vector.erase(iterator iter) will change "iter" or not?

Discussion in 'C++' started by thomas, Feb 21, 2008.

  1. thomas

    thomas Guest

    suppose I will delete an element pointed to by "iter".
    like this:

    vector<int> s;
    for(vector<int>::iterator iter=s.begin(); iter!=s.end(); iter++){
    if(*iter==3)
    s.erase(iter); //A
    }

    in line A, if element by "iter" is erased, will "iter" point to the
    next element(now should be the current element) automatically?
    thomas, Feb 21, 2008
    #1
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  2. thomas wrote:
    > suppose I will delete an element pointed to by "iter".
    > like this:
    >
    > vector<int> s;
    > for(vector<int>::iterator iter=s.begin(); iter!=s.end(); iter++){
    > if(*iter==3)
    > s.erase(iter); //A
    > }
    >
    > in line A, if element by "iter" is erased, will "iter" point to the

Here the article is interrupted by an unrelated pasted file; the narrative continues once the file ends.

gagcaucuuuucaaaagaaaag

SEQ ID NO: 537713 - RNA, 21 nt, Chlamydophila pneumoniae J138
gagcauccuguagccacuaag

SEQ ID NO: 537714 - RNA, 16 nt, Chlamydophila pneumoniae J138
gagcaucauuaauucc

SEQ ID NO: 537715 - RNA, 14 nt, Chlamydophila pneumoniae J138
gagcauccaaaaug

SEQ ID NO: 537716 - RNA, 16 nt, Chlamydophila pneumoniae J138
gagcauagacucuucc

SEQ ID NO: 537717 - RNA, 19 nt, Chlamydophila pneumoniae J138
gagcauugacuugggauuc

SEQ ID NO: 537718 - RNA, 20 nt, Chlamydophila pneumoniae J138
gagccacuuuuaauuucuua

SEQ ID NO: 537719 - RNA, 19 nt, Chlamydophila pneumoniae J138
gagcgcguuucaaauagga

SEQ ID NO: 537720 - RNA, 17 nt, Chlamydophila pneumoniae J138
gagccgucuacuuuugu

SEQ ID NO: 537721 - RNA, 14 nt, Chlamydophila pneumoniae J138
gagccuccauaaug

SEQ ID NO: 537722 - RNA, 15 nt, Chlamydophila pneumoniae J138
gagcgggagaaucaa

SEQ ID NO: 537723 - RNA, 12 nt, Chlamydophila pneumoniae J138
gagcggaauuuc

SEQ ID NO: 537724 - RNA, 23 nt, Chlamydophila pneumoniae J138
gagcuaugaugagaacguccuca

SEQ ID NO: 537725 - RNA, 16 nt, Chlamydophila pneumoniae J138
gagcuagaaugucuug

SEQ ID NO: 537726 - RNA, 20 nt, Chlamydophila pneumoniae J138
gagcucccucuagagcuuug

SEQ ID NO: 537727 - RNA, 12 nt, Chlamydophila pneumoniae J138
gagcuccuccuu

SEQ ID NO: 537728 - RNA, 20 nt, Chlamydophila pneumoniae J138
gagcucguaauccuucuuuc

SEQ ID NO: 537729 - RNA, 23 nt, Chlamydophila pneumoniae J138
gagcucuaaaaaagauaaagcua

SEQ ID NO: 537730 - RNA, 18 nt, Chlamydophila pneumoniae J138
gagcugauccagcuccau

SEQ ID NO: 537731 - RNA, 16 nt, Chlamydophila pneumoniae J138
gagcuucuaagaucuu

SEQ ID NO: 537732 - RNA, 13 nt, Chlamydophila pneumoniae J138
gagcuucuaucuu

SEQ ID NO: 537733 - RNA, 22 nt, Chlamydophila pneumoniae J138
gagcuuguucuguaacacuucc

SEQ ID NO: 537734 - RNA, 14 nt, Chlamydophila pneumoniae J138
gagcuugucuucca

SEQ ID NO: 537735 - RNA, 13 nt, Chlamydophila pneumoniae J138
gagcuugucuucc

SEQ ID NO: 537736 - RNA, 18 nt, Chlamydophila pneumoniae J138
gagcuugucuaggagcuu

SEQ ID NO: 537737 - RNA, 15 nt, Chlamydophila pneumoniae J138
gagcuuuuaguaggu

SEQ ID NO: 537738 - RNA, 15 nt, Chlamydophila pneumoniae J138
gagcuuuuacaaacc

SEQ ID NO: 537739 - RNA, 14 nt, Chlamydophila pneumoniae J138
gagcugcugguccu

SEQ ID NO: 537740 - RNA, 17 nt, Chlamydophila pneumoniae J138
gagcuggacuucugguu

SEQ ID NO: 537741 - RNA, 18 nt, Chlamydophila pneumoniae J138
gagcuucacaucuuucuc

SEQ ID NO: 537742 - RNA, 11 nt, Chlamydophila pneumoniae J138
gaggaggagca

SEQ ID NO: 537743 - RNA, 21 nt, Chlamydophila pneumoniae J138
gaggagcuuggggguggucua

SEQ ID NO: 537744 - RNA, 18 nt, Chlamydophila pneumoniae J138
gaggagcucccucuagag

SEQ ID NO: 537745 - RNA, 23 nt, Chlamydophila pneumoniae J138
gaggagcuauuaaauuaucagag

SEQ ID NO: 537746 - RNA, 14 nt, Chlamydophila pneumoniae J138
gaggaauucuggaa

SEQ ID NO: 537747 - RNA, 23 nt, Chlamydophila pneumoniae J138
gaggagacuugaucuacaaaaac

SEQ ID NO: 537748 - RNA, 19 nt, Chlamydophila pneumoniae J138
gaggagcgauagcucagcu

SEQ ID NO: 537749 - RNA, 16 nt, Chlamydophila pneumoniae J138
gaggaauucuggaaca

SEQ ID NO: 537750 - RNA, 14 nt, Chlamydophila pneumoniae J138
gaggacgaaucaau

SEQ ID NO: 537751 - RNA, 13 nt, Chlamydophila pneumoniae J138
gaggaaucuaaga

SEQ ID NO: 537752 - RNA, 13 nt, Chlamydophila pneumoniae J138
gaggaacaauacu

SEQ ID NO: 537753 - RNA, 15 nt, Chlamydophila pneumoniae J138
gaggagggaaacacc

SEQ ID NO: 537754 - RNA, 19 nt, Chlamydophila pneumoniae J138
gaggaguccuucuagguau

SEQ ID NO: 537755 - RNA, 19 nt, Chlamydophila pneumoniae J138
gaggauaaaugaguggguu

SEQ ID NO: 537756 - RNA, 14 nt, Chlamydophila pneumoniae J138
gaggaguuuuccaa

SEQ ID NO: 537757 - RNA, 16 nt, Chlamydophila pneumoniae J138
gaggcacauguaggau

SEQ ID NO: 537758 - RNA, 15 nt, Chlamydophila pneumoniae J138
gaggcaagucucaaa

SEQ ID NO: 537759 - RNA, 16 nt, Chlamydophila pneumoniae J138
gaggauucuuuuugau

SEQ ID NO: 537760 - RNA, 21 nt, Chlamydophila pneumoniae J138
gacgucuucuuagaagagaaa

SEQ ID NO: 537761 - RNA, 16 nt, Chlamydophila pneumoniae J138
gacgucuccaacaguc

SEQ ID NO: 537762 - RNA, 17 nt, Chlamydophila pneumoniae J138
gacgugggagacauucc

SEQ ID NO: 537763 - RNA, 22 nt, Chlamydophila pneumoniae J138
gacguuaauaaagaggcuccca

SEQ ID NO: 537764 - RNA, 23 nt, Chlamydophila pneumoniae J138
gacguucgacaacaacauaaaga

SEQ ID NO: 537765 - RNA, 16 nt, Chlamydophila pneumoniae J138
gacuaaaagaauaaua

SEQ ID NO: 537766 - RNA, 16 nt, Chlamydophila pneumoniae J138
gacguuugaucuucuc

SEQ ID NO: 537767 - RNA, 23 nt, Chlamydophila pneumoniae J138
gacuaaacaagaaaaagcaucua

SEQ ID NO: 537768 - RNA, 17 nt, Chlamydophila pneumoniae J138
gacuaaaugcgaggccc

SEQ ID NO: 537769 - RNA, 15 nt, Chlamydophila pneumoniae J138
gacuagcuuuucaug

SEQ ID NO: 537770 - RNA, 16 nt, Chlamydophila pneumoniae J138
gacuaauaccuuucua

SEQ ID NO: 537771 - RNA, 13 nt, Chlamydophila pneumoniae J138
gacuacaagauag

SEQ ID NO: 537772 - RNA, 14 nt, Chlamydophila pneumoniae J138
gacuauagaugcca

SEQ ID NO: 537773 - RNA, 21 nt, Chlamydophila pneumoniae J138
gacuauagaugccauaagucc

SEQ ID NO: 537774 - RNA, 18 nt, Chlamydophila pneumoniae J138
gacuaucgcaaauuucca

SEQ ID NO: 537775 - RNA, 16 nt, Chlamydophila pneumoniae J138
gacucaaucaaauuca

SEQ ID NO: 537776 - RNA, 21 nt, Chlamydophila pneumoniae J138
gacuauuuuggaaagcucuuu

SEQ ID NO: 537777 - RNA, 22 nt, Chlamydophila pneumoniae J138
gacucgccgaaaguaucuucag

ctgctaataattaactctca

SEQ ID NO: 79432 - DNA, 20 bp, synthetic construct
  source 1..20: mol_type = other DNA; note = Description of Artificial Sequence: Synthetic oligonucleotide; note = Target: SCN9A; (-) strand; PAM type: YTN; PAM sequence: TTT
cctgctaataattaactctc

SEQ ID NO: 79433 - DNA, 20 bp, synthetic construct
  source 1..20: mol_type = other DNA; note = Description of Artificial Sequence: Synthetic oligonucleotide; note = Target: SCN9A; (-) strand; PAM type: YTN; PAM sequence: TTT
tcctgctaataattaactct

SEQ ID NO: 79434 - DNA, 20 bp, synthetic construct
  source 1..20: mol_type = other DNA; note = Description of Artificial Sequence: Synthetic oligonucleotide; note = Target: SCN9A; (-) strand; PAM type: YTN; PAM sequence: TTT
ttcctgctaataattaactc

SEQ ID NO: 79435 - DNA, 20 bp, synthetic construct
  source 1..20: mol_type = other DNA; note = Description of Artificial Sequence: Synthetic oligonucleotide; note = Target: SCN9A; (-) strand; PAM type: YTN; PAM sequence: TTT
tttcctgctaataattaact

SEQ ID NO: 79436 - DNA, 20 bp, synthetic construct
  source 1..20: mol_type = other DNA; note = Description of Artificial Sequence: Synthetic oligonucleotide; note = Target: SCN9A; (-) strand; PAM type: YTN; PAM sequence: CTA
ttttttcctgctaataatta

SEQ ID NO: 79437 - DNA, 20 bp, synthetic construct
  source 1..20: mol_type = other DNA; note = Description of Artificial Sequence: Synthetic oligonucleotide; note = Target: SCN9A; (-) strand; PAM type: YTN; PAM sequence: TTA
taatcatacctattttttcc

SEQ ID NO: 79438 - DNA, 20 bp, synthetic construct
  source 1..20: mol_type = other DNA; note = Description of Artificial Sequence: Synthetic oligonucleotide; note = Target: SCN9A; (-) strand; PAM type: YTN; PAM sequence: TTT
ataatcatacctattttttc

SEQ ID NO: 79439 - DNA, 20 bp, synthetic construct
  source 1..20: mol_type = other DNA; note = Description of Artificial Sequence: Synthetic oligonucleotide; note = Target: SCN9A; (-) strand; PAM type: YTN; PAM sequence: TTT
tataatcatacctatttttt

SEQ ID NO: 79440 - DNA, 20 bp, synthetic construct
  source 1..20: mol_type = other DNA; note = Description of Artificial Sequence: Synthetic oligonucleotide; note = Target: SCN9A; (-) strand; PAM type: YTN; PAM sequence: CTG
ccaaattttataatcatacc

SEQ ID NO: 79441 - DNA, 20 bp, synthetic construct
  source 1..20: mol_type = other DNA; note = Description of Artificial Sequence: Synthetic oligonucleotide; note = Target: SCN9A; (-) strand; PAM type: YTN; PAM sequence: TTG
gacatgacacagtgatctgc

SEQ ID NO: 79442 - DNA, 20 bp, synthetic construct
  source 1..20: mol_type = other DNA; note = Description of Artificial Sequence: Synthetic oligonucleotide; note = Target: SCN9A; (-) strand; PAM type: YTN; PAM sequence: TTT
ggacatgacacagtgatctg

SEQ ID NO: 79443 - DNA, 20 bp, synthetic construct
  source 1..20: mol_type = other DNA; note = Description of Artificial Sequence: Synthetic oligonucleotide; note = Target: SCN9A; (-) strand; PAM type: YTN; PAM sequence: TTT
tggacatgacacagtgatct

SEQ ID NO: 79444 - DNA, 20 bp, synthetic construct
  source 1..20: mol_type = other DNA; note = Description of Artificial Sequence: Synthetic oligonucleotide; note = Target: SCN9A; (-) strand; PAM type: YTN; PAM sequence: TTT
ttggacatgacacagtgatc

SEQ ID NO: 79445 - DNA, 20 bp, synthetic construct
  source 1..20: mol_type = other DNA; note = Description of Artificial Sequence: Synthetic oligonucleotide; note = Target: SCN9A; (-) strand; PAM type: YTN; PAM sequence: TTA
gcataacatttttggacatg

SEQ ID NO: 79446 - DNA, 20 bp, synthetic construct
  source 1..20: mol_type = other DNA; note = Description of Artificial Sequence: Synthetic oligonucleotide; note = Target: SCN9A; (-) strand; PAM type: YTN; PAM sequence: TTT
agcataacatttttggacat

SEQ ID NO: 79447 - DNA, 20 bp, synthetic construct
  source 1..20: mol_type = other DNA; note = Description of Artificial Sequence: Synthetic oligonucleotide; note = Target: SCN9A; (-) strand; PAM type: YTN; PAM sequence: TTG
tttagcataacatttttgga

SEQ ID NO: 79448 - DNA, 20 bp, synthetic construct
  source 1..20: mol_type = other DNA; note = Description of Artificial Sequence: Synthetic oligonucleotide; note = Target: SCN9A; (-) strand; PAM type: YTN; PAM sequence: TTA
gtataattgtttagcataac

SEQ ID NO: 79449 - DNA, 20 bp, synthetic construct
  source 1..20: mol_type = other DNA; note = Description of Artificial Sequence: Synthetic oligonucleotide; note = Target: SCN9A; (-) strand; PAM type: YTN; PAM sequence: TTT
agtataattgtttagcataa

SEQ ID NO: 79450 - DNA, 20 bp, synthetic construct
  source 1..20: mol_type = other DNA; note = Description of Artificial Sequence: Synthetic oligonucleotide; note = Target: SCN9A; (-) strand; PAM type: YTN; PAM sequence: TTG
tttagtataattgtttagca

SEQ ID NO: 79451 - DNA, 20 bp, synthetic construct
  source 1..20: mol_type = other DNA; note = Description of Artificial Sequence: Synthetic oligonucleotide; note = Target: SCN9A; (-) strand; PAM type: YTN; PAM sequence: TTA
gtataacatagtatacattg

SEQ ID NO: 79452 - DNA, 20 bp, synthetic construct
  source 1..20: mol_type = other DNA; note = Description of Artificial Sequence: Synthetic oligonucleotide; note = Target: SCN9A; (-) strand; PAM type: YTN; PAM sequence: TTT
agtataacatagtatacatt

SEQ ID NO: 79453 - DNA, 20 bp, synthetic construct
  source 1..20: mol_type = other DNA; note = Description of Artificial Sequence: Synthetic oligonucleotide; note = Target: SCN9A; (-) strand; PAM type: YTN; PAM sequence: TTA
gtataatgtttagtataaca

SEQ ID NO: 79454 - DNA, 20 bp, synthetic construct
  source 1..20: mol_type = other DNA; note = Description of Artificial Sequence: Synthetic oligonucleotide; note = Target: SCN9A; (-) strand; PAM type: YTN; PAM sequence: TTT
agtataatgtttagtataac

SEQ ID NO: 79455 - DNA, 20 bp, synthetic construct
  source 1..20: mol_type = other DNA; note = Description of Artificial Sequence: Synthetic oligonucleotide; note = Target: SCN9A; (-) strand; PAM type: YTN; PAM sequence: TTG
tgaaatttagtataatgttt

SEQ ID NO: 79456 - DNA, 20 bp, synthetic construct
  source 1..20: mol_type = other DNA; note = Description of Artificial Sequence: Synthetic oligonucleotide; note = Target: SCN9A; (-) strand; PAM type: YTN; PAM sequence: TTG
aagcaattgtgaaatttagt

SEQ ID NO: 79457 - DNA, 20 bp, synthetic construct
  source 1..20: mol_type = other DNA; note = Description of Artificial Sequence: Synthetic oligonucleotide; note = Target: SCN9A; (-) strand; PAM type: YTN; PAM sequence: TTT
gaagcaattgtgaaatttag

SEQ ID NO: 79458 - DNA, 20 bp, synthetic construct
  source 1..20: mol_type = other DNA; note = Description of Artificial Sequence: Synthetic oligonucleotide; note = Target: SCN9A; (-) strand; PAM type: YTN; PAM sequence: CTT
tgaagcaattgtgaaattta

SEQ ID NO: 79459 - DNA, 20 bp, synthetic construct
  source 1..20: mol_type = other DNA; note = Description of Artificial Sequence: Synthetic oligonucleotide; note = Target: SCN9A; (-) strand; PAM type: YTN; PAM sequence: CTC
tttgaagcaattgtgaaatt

> next element(now should be the current element) automatically?


    The iterator that refers to the removed element and all elements
    after the removed one are invalidated by that operation. IOW, the
    Standard makes no attempt to define what the 'iter' would point to
    after being erased.

    V
    --
    Please remove capital 'A's when replying by e-mail
    I do not respond to top-posted replies, please don't ask
    Victor Bazarov, Feb 21, 2008
    #2
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  3. On Thu, 21 Feb 2008 15:16:11 +0100, thomas <> wrote:

    > suppose I will delete an element pointed to by "iter".
    > like this:
    >
    > vector<int> s;
    > for(vector<int>::iterator iter=s.begin(); iter!=s.end(); iter++){
    > if(*iter==3)
    > s.erase(iter); //A
    > }
    >
    > in line A, if element by "iter" is erased, will "iter" point to the
    > next element(now should be the current element) automatically?


    Do :

    vector<int> s;
    for(vector<int>::iterator iter=s.begin(); iter!=s.end(); iter++){
    if(*iter==3)
    iter= s.erase(iter);
    }
    David Côme, Feb 21, 2008
    #3
  4. In message <fpk2sg$5du$>, Victor Bazarov
    <> writes
    >thomas wrote:
    >> suppose I will delete an element pointed to by "iter".
    >> like this:
    >>
    >> vector<int> s;
    >> for(vector<int>::iterator iter=s.begin(); iter!=s.end(); iter++){
    >> if(*iter==3)
    >> s.erase(iter); //A
    >> }
    >>
    >> in line A, if element by "iter" is erased, will "iter" point to the